teaching students about the holocaust

redcarddebut  asked:

about the gif set. the lady just pointed out the Holocaust is remembered & acknowledged while Slavery of Africans is ignored.. & from all the replies under it, the clear point was missed. What if history was changed?.. first is last, last is first

Unfortunately, you are making the exact same mistake that she made, which is why the demands for an apology were made in the first place. You say “the lady just pointed out the Holocaust is remembered & acknowledged while Slavery of Africans is ignored,” but that is not true, and that’s why Jews and Roma had a problem with her statement. Holocaust museums exist because Jewish groups created them, not because our nation is in any way devoted to fighting or remembering antisemitism. Romani suffering is often overlooked altogether, or those who died are referred to as “gʎpsies,” which is actually slur, and not at all the term by which the Roma want to be memorialised. 

Holocaust education in the United States is utterly terrible, to the point where there are many students who are under the impression that people were killed for having brown eyes and brown hair, and not because of their Jewish or Romani ethnicity. Holocaust education is generalised to teach students about the dangers of hate, but it does almost nothing to teach about antisemitism and anti-Romani racism. As a matter of fact, most people in the US who learn about the Holocaust believe that anti-semitism and anti-Romani racism didn’t exist before or after the Holocaust; they are taught that it was a one-off event, and they don’t learn about how these hatreds were and continue to be systematic oppressions that have gone on for thousands of years. People learn that the Nazis were evil, but they don’t learn that anti-Semitism and anti-Romani racism are evil. Allied nations teach about the Holocaust to highlight their moral superiority, but don’t mention their own racism against Jews and Roma, which included turning away Holocaust refugees and sending them back to their deaths. We don’t learn that Jews were generally segregated from gentiles, and could not stay in certain hotels, hold certain jobs, and buy houses in certain areas, or go to certain schools. We don’t learn that Jews and Romani continue to be the target of Klan members and other white supremacists, and that Jews in the US are the target of most “religious” (but really racially motivated) hate crimes to this day.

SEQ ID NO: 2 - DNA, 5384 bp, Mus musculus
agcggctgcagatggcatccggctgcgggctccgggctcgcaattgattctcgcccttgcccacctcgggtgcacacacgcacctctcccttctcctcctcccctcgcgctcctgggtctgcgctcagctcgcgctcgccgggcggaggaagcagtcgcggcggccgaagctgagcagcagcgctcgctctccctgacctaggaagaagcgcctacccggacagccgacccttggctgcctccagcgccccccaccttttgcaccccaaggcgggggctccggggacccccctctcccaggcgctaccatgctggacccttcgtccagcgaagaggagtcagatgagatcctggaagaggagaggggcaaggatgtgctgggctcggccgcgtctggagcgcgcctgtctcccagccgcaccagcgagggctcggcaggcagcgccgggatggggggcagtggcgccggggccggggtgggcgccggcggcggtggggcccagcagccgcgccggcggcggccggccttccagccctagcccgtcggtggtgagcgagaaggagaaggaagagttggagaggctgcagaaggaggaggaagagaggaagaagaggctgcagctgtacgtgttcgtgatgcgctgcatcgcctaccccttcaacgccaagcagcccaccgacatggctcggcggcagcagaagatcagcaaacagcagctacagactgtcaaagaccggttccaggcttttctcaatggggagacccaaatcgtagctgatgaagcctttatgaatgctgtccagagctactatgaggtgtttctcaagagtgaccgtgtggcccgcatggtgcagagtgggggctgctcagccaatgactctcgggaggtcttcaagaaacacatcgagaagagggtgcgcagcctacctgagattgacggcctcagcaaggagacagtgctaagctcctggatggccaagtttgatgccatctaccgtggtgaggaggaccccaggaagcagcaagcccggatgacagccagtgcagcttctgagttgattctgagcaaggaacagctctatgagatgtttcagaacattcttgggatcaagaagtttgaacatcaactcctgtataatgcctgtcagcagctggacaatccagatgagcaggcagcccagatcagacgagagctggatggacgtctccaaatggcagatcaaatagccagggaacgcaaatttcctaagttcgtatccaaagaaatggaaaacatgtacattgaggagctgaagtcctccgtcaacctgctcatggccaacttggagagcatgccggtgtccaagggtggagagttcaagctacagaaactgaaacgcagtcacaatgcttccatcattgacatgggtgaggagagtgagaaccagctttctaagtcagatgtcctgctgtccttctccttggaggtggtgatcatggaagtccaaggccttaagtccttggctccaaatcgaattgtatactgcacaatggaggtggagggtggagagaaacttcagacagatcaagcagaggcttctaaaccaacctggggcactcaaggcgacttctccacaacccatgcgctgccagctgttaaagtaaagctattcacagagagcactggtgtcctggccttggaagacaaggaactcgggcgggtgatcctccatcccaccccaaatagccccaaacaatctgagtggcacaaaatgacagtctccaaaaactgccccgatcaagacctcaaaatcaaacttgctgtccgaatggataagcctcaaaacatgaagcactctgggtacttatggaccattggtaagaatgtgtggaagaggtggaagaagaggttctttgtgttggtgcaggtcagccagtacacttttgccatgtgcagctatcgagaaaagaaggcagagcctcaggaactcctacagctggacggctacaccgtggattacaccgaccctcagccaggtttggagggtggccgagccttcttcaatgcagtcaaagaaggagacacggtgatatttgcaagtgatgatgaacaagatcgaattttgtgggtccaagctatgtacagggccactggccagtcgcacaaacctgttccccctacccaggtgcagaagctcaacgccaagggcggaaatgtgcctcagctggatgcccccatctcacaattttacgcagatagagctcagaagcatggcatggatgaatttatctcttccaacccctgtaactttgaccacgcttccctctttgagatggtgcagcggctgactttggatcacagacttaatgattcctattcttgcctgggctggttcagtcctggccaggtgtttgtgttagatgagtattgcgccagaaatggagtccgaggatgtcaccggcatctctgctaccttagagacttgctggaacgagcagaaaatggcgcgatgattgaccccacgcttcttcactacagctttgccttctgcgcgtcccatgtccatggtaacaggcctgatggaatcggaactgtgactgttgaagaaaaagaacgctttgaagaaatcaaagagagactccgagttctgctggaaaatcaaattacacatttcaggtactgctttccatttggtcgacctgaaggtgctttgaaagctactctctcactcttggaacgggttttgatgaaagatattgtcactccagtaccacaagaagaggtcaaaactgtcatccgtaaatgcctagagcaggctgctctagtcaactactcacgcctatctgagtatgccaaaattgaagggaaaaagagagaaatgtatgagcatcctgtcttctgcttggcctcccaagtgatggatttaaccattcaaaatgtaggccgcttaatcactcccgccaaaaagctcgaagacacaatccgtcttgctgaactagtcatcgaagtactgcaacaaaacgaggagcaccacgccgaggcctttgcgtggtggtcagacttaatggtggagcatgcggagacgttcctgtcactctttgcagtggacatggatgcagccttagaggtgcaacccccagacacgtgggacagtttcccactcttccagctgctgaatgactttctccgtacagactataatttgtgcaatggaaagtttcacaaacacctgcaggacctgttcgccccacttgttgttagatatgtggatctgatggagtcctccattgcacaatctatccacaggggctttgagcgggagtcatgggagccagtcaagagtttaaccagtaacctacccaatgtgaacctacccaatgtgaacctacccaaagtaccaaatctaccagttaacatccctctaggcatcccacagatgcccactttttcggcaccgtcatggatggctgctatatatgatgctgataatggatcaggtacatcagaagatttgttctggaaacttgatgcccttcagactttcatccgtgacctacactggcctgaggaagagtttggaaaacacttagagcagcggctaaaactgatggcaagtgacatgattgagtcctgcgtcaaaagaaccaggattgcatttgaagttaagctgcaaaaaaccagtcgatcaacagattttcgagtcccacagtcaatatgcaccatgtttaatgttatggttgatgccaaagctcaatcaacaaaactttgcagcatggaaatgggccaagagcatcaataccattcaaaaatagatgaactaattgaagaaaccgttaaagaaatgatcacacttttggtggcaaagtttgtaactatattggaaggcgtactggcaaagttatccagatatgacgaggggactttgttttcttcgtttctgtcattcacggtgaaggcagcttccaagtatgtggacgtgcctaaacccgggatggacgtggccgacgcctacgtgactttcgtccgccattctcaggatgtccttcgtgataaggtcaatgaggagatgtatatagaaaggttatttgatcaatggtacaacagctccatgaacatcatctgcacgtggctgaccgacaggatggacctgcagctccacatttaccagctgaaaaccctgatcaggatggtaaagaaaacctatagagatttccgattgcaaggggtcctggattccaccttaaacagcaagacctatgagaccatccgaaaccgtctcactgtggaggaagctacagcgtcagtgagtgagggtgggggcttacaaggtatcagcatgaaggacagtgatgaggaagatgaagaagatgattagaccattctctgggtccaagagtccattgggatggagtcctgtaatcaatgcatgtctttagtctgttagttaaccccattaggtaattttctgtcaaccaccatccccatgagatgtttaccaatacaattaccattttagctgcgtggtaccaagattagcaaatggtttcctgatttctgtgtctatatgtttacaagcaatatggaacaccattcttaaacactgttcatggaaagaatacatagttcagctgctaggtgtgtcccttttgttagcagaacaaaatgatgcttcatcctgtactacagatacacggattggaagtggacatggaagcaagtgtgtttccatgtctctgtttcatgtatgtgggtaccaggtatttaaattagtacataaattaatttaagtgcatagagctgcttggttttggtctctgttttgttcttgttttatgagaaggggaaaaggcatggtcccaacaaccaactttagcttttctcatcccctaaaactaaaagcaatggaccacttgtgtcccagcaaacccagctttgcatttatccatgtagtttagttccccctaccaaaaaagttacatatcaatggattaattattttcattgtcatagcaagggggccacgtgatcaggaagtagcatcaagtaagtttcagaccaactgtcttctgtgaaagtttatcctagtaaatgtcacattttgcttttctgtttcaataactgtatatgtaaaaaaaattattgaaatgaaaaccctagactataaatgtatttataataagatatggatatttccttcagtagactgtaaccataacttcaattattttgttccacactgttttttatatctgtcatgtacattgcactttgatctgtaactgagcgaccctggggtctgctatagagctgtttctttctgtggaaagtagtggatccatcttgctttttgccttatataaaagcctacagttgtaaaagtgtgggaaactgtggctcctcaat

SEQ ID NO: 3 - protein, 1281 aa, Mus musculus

People only “remember” the Holocaust as a talking point, not as an actual event that continues to impact real people to this day. For most people, it’s just a symbol of evil by which to compare people and things they don’t like. Hate somebody? They’re Hitler. Don’t like a group? They’re Nazis. It’s a prop, not an actual memorial. If people really remembered the Holocaust, they would specifically fight antisemitism and anti-Romani racism. They don’t. Our suffering is ignored, and when we bring it up, we are accused of “playing the Holocaust card” and told to move on. The idea that people remember the Holocaust but not slavery is a fallacy and a dangerous one. 

Moreover, people like to depict the Germans as being “genuinely sorry” for their crimes, but that’s false. Firstly, it’s not like Germans collectively woke up and were like “OMG what have we done? We must confront this!” No, they were defeated, and then occupied by the allied powers, who forced them to confront what they had done as a way of asserting their dominance. It wasn’t a choice, it was forced, and it was only forced as a form of American/Allied gloating over their victory, not because people really cared about Jews and Roma. And what’s more, Germans often see themselves as victims in this scenario, saying they were confronted with these terrible images of the camps and it was so traumatising for them blah blah blah. They expect sympathy for being forced to see what they had done. I’ve also seen German people outright complain that they are still being held responsible for the Holocaust, the same way white people in the US complain about being held accountable for slavery. I have edited this into snippets, but I had the misfortune of reading a dialogue on FB between a German person and a former Jewish classmate last year, and this is what the German person wrote:

So when you say people care about the Holocaust and not slavery, and that Germany is sorry, but America isn’t, you are erasing are erasing the bigotry Jews and Romani still face from Germans and others who are not really sorry about what they did. If anything they are mad at us for trying to hold them accountable for their crimes. 

And don’t even get me started on Poland and other countries who handed over their Jewish and Romani populations over to the Germans willingly, and then acquired all of their land and belongings. Because right now, Poland is moving to outlaw associating them with the Holocaust in any way even thought they are just as guilty as Germany. They are trying to outright deny their complicity in every way. 

So when or anybody else says “the Holocaust is remembered & acknowledged while Slavery of Africans is ignored” you are making an incorrect statement. The Holocaust is NOT more remembered than slavery. They are equally swept under the rug, excused, and disregarded when convenient. And that’s why we complained. Because to say something is respected and remembered when it isn’t is to erase the suffering we still endure and the desire of our oppressors to pretend the atrocities they committed never happened. 

The OP made a false comparison, and you repeated it, and I hope you can understand now why that line of thinking if harmful and untrue.